Seeking more equality in world of film-making

Writer, director and producer Yvonne Coughlan wants to see more equality in the world of film-making - especially on the film festival circuit, writes COLETTE SHERIDAN
Seeking more equality in world of film-making

Award winning filmmaker Yvonne Coughlan Picture. John Allen

KINSALE-BASED Yvonne Coughlan is delighted that her short silent film, An Étude in Art, garnered awards on the international film festival circuit.

But she has called out festivals for having a ‘Best Director’ award and a ‘Best Female Director’ award as this implies “a lack of equality between the male and female awards”.

These categories imply “that the male award is the main award and the female award is a secondary off-shoot from this main award. To change it reflects a more egalitarian vision for the status of the sexes.”

Yvonne, of RSVP (Red Sandstone Varied Productions), wrote to the various festivals concerned and is pleased that the GONA Film Awards in India and the GIMFA Gralha International Film Festival in Brazil agreed to make changes to reflect the equality of the sexes.

“It’s important to our society in general, and especially to all women working in this male-dominated film-making world,” she said.

Yvonne points out that if there’s just one director award, judged on the quality of the work, then a ‘Best Director’ award is appropriate.

“But I think festivals are recognising that there is an imbalance in the film business and that it’s not equally populated by men and women.

“There is a very low level female population in the film industry. So having a male and a female award allows for the fact that there is going to be a percentage of males always winning.”

This, she feels, justifies having two different categories based on gender.

Having been reared by “a very strong mother who has run a pub for most of her life, I learned that I’m as equal as any man. That was my lesson in life.

“I’m not someone who feels I’m in a sexist battle or a feminist battle. I never felt I had to fight that fight in a way. But if I see inequality, I’m certainly not shy about speaking up.”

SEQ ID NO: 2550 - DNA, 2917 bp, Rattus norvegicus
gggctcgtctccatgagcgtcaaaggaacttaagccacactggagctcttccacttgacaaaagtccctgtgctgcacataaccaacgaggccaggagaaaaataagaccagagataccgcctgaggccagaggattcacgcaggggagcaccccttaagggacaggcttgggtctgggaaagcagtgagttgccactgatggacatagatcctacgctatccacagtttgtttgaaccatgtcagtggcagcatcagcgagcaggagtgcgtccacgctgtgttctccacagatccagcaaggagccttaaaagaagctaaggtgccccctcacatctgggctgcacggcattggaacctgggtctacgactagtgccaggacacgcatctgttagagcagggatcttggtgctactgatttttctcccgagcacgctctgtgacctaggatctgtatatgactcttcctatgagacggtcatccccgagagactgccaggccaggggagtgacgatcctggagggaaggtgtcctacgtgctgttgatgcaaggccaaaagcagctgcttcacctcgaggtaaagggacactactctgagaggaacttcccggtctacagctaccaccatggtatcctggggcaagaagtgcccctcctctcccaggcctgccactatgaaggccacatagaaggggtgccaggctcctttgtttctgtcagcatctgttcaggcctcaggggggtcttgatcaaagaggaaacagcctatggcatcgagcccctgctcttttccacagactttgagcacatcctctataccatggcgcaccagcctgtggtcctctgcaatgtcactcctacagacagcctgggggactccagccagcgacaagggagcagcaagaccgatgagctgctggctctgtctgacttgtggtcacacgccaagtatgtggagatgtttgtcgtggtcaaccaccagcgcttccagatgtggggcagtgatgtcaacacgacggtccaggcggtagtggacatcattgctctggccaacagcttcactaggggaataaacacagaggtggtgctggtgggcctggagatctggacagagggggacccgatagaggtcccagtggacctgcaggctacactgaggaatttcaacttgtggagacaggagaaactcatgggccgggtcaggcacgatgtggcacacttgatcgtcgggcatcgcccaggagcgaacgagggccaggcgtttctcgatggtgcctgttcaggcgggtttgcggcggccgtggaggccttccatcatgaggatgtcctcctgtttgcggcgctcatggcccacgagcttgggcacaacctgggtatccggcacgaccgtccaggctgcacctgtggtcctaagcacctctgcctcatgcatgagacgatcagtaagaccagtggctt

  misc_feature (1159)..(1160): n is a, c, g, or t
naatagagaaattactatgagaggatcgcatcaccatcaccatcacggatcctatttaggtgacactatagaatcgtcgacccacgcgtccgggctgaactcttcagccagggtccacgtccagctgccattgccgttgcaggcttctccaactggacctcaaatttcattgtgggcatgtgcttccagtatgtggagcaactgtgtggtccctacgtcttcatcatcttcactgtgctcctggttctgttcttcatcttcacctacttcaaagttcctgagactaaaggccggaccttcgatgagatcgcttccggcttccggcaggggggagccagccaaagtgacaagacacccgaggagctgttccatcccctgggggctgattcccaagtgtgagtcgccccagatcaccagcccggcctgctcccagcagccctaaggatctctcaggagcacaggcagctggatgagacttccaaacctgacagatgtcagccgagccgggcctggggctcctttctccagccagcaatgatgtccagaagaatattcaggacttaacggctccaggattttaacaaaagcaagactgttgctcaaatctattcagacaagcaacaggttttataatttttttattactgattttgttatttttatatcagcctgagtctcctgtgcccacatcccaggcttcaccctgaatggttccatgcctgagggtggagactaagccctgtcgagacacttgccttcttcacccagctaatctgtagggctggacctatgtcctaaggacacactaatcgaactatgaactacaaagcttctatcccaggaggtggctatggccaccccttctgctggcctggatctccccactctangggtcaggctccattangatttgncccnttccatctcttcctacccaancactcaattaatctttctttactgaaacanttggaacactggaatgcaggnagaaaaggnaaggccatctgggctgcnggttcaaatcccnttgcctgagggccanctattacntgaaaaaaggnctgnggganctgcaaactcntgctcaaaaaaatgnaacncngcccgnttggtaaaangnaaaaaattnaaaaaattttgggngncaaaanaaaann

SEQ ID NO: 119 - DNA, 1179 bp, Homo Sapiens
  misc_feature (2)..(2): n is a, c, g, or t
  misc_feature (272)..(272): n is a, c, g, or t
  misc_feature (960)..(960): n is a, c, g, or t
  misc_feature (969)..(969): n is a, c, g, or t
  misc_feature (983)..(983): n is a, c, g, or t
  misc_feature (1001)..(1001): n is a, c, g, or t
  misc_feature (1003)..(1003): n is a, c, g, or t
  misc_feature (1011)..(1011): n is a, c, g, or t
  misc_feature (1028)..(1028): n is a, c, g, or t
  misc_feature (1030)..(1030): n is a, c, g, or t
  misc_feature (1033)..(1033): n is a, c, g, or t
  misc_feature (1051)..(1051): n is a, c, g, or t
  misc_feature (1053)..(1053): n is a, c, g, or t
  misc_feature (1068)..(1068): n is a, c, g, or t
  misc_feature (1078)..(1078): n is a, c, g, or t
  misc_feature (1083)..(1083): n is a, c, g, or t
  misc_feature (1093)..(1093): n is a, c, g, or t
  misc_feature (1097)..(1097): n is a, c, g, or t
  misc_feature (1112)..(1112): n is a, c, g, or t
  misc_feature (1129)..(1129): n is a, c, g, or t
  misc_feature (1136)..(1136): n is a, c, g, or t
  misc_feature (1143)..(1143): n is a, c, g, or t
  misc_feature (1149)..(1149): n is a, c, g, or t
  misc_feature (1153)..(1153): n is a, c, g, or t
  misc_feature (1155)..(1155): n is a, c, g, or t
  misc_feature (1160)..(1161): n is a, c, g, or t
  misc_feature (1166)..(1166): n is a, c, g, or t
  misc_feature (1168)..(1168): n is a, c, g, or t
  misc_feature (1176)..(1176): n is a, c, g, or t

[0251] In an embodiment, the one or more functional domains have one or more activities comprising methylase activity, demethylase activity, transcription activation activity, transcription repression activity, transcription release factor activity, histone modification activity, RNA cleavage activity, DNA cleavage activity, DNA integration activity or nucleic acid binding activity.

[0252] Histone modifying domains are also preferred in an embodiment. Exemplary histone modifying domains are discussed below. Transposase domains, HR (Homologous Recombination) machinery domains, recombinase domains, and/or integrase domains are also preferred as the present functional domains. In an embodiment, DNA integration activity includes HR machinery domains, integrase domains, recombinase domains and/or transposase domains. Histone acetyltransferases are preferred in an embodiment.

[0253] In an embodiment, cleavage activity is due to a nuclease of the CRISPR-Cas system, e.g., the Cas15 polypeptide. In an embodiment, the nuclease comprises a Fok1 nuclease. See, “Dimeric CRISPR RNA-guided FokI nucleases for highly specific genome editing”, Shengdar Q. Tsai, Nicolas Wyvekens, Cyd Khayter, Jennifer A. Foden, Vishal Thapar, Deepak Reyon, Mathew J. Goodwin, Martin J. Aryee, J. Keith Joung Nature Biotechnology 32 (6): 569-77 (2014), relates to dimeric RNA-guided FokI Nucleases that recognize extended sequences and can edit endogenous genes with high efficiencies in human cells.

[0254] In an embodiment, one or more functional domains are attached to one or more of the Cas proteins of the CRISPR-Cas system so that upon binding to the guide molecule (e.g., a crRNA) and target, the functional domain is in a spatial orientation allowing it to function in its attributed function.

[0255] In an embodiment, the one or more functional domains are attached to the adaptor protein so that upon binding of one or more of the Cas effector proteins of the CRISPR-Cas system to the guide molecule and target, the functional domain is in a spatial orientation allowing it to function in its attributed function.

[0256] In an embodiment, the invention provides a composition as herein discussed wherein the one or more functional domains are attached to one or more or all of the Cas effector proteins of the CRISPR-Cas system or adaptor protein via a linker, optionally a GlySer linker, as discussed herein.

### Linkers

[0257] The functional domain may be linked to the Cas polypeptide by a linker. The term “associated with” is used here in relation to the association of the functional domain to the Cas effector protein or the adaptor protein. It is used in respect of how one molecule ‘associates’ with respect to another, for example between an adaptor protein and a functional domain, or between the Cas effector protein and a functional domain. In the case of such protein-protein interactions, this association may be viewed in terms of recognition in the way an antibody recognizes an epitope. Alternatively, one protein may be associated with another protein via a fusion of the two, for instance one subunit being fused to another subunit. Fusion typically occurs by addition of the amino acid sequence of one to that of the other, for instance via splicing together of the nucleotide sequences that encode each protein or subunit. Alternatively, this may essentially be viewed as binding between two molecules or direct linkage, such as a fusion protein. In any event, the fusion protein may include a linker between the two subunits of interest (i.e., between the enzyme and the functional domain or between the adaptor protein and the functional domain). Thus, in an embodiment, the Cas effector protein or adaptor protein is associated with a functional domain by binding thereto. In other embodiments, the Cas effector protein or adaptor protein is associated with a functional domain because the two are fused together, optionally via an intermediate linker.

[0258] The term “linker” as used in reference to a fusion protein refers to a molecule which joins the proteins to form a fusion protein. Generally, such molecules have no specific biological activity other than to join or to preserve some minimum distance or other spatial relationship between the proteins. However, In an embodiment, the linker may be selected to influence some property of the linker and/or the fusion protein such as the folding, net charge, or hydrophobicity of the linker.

Yvonne feels that the film festivals were “maybe unaware” of their sexism.

“The GONA Film Awards wrote back to me immediately and thanked me for bringing it to their attention.”

While the film industry can be tough for women, Yvonne says that because of her personality, “as someone who is easily able to stand my ground,” she is in a relatively lucky position.

She added: “I definitely have spoken to women who feel they’re always having to stand up for themselves to be heard, in a way that they don’t feel their male counterparts have to do.

Award winning filmmaker Yvonne Coughlan.
Award winning filmmaker Yvonne Coughlan.

“A lot of women speak about how they get spoken over at meetings. Their ideas are often uttered by a man minutes after the woman expresses them.”

There is, says Yvonne , a need to point this out by saying ‘you’re not listening. I need you to listen right now’.

“It depends on your personality. I know people who are very quiet and shy and have the best ideas you’re ever going to hear.

“On a social level, we have to realise that not everyone is outspoken and extroverted . Sometimes, introverts are incredibly intelligent and need to be given an opportunity to be heard,” she said.

Asked if she has experienced degrading incidents that the #MeToo movement has been highlighting, Yvonne says that on a personal level, she hasn’t been a victim of predatory men in the film industry.

“But I certainly wouldn’t rule out anyone else’s experiences. On a first hand basis, I haven’t had that experience. The only thing that vaguely came close to it was at an almost all male board meeting that I was at in a film context. Someone made an inappropriate comment. It was humorous on one level but denigrating from another perspective.

“I didn’t take offence but just felt it was inappropriate. The MD wrote to me after the meeting apologising. People can be unaware and ignorant.”

The pandemic has put a stop to much of RSVP’s film-making plans so the company is concentrating on getting its work out into the world through international film festivals where An Étude in Art won several awards.

Directed by Yvonne, it was created as part of the musical theatre show, A Night on the Town, staged at the Everyman in October, 2018, in aid of the Samaritans. This silent movie, accompanied by concert pianist, Santa Ignace, unfolded as part of the stage show’s storyline.

The film has been re-edited by David Leen and a soundtrack added, for film festivals, as a stand-alone piece of work. The frustrations involved in the creation of art is the all-encompassing theme.

Normally, Yvonne would have gone to the international festivals where the film has been screening over the past year.

“It’s part of what I want to do in life - see the rest of the world while working and going to places where people I’ve connected with are based. I don’t want to go on holidays.”

Yvonne recently also worked on a music video for a song, entitled Embrace The World that was written by an autistic musician, Kevin Walsh. The video with 12 singers was launched last year.

As well as this, Yvonne has written an unproduced short film script, Regret. The short film script, which has won awards, is a response to an idea of Yvonne’s friend and colleague, Maurice Supple. It’s an emotional father/son story. It’s hoped that shooting the film will begin in early 2022.

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